The Guy From Town

A while back, my daughter said,
She had met this guy in town,
Who had asked her out and had stolen her heart,
And had turned her life around.

She said, “Dad, I know you’ll like him,
At least I hope you do,
‘Cause come to think about it,
He reminds me lots of you.”

Well a few weeks passed and then a few months,
And I still hadn’t met this guy,
So I said I’d like to meet him,
If she’d like to ask him by.

Her face lit up, she hugged my neck,
And when she had settled down,
She said he will come to Sunday supper,
This guy she’d met in town.

Now, I wasn’t going to like this guy,
And there weren’t nothin’ she could do,
‘Cause just before she left, she said,
“He sits a bronc like you.”

Well a year has gone by and he has got
Pretty regular round our place.
If he ain’t at some rodeo,
We’ll sure ‘nuff see his face.

Wednesday night I got a call,
I guess it was about sundown.
Was him and he was wondering
If I’d meet him there in town.

He said he’d like to ask me something,
He’d like to see me man to man,
So I loaded up and went on in,
Where I meant to take a stand.

He met me at the station,
Where I was gassing up my truck
And he stood there kicking gravel
Till I asked him what was up.

He grinned and turned a little red,
While still he toed the ground,
This guy who had stolen my daughter’s heart
And makes his home in town.

Then he said he loved my daughter
And was asking for her hand.
Said he hadn’t much to offer,
But if things went like he planned,

Soon he would have a quarter section,
He already had ten mares.
Said he’d have to fix the house up,
But he had some hay on shares.

Well I stopped him in mid-sentence,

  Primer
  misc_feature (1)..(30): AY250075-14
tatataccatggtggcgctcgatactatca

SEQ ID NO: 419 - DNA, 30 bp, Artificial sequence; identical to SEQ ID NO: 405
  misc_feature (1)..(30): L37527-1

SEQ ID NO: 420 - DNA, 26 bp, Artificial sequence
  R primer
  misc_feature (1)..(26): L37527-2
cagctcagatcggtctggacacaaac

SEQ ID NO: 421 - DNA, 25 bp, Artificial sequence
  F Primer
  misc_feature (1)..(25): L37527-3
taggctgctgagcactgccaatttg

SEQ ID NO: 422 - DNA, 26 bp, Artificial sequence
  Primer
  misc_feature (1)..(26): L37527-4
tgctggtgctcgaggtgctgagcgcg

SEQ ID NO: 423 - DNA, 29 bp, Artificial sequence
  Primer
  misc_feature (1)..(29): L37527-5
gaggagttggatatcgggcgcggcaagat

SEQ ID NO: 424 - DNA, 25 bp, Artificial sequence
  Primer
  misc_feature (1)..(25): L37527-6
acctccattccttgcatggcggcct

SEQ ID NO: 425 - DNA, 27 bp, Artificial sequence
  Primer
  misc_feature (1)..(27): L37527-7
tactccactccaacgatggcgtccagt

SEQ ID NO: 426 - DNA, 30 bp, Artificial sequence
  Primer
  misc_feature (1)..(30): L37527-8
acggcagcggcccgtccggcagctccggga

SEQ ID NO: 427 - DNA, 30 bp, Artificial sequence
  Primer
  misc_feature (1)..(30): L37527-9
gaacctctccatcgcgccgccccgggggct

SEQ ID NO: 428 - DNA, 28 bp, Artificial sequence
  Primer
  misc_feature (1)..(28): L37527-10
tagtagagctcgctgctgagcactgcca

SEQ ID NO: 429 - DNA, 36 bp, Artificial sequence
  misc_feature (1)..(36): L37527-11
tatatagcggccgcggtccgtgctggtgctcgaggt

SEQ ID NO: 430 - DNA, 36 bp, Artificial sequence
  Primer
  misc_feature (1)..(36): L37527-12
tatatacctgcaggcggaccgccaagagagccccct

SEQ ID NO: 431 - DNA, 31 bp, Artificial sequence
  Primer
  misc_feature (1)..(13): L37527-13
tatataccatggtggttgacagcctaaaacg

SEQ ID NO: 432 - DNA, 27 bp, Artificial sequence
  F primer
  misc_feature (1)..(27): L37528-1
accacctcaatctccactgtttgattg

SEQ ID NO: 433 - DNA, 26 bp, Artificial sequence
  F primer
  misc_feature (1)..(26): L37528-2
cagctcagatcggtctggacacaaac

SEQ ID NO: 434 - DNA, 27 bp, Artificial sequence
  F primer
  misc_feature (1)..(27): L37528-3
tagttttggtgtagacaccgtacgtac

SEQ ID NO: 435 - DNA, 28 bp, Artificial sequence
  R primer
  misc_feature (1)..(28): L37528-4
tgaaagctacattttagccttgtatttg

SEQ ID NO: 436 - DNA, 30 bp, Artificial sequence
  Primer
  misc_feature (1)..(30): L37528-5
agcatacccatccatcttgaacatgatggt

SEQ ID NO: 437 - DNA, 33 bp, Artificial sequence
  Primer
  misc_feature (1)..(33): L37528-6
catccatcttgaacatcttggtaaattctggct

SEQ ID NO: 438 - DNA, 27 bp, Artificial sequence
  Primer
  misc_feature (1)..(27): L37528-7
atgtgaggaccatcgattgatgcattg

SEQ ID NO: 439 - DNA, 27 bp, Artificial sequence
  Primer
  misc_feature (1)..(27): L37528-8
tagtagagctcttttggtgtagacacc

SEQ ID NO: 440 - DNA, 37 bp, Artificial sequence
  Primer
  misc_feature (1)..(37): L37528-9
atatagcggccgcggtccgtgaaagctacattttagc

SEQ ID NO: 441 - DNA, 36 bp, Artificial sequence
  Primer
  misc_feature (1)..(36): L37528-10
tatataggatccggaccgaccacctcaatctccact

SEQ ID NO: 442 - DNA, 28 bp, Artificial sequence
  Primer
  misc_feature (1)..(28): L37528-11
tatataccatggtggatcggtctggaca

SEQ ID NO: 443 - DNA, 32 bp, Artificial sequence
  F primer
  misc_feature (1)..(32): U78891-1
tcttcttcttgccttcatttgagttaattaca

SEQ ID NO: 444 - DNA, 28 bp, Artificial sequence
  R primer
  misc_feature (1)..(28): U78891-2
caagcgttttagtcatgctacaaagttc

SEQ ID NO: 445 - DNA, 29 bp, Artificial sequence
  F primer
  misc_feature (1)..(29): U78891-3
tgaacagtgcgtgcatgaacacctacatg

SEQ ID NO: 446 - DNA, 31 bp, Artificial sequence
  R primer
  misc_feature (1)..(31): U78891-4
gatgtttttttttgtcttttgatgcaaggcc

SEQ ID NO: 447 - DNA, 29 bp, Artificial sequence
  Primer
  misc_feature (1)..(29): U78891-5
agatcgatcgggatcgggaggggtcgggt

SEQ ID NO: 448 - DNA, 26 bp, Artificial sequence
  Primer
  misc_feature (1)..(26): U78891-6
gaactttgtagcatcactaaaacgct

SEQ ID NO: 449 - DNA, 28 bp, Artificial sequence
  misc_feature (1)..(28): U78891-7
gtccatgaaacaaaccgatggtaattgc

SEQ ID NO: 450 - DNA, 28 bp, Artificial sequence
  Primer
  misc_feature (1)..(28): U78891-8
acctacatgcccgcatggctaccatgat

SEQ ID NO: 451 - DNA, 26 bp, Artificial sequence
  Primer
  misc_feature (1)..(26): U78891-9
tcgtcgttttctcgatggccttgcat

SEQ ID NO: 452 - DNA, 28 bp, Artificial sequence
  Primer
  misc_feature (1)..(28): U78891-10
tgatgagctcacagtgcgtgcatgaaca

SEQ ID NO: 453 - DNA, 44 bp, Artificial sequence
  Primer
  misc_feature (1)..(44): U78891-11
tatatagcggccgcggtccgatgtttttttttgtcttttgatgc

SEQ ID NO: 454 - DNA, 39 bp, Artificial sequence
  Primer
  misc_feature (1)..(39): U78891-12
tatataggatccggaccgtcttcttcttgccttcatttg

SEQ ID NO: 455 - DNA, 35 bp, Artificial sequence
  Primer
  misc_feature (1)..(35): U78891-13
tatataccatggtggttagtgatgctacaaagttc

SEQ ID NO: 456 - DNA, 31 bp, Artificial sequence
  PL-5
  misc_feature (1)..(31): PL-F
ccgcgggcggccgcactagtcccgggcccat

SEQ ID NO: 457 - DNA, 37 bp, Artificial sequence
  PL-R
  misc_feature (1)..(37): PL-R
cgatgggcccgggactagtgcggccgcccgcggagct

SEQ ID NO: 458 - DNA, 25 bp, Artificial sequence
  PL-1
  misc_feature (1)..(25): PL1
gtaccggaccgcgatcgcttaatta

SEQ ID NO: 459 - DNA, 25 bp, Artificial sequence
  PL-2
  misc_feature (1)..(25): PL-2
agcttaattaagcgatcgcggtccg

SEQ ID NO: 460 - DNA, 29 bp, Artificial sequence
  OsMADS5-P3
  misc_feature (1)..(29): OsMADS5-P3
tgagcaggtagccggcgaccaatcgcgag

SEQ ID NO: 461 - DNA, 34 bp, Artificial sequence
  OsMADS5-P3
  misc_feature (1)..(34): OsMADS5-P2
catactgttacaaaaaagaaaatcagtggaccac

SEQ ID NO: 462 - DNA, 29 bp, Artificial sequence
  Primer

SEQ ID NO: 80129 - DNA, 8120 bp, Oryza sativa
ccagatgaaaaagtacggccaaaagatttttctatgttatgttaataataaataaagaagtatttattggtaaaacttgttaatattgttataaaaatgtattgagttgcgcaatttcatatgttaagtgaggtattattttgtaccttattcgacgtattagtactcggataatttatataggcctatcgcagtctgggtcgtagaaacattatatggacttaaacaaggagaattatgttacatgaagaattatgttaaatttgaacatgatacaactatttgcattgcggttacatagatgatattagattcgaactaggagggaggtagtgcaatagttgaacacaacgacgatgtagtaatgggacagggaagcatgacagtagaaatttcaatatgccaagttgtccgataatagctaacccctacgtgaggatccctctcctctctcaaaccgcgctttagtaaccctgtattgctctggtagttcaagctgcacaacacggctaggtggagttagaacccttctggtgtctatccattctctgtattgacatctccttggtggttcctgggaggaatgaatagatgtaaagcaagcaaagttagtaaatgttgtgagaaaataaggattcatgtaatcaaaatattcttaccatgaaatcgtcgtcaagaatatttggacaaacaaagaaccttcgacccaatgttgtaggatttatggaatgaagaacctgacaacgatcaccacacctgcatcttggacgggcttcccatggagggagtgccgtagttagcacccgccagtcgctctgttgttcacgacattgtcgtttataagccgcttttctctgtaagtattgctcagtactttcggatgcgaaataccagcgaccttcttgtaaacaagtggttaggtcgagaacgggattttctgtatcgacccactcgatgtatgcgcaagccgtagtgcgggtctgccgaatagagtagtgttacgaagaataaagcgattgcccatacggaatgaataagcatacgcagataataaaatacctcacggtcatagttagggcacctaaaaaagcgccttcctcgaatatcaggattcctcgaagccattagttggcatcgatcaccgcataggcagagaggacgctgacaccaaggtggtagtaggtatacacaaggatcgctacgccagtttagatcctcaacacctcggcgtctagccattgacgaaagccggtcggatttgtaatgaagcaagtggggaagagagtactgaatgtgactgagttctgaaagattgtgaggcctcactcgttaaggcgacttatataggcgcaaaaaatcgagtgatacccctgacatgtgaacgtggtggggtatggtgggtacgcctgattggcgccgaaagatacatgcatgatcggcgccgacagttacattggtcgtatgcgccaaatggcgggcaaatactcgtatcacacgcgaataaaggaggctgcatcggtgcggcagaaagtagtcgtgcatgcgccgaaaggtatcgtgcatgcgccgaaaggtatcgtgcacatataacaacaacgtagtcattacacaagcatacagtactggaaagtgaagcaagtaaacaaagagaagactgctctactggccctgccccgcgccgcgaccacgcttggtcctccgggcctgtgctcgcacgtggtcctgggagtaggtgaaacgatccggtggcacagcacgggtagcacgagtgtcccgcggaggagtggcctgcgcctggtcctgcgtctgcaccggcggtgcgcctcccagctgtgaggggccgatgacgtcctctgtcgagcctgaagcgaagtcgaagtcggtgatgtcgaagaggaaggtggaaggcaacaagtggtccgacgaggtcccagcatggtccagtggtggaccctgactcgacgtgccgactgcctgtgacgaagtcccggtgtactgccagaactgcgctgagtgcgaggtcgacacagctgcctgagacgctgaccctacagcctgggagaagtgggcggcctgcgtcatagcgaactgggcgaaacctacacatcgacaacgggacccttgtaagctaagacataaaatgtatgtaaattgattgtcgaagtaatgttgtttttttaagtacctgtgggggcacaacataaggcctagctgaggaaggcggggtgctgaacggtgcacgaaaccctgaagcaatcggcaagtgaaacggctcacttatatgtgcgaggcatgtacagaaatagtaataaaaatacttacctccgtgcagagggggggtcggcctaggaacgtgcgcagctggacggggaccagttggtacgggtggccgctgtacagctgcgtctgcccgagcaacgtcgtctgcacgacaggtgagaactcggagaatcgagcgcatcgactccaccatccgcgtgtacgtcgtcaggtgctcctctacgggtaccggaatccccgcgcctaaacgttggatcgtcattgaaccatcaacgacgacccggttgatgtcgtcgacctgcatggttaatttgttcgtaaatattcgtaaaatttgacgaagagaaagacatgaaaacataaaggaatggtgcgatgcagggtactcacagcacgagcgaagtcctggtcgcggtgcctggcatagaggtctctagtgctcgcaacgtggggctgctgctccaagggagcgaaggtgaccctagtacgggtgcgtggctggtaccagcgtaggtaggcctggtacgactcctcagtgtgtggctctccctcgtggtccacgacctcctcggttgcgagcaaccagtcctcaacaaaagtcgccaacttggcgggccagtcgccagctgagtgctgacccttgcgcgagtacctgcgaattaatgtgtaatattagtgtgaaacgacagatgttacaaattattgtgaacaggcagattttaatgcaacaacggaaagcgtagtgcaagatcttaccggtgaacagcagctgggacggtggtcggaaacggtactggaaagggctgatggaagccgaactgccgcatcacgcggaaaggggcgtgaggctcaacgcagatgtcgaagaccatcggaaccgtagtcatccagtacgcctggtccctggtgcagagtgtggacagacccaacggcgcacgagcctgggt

I held my hand up for him to be still.
I had sworn I wouldn’t like this guy,
But I did, against my will.

Now my daughter had been dating
Since the day she turned sixteen,
But this guy is the first one
Who had ever asked her hand from me.

So I said, “Let’s grab some coffee,
I’d like to talk a little more.”
He was asking for my daughter’s hand,
And I guess I wanted to be sure.

I said, “You say you love her,
But it takes a lot more than that.
And you mention mares and meadow
Like they’d be some kind of welcome mat.

“What I want here is your promise
That she never will be cold,
And that she will never hunger,
In her youth or when she’s old.

“That you’ll hold her in your arms sometimes
And listen when she cries,
And that you stand beside her, thick or thin,
Until the day you die.

“That you will always be there for her,
And to her judgment you will pay heed,
And if you can promise this,
Well, son, I guess that’s all I need.”

He gave to me that promise.
Standing up, we both shook hands,
And I began to see it,
How my girl could like this man.

He was young and strong and willing,
And he would not be held down
By the trials placed before him,
Even if he was from town.

I guess he must’ve told her Thursday,
‘Cause at supper she told me
She had never been so happy,
And that sure was plain to see.

So, I guess that she’ll be going,
Leaving her home here on the range,
And I’d better get used to it,
‘Cause June the 8th her name will change.

To tell you the truth, I’ll probably like him,
Now that time’s a-windin’ down,
‘Cause she’s right, he’s kind of like me,
This guy that lives in town.

© Walt "Bimbo" Cheney
This poem may not be reprinted or reposted without the author's permission.



Double Harness

When I met him he’d seen eighty snows,
His hair was spun-silk white,
His hide looked like a post oak,
His voice was cracked a mite.

His stature still was lean and straight,
His step, still light and smooth,
His smile still filled with humor,
And his eyes still strong and true.

He asked me first to set a spell
While he fetched out a hat.
Then we walked out past the picket gate
Beneath the cottonwood, and we sat.

He plucked a coil of grass rope
From a hook behind that bench.
He then shook out a playful loop,
In knowing hands unclenched.

I had come to write the story
Of a man named Reed O’Dell.
But as his life unfolded,
His story told itself.

He didn’t say much about
his boyhood years, except,
That he was raised by Christian parents
In a home where love was kept.

Said he really started growing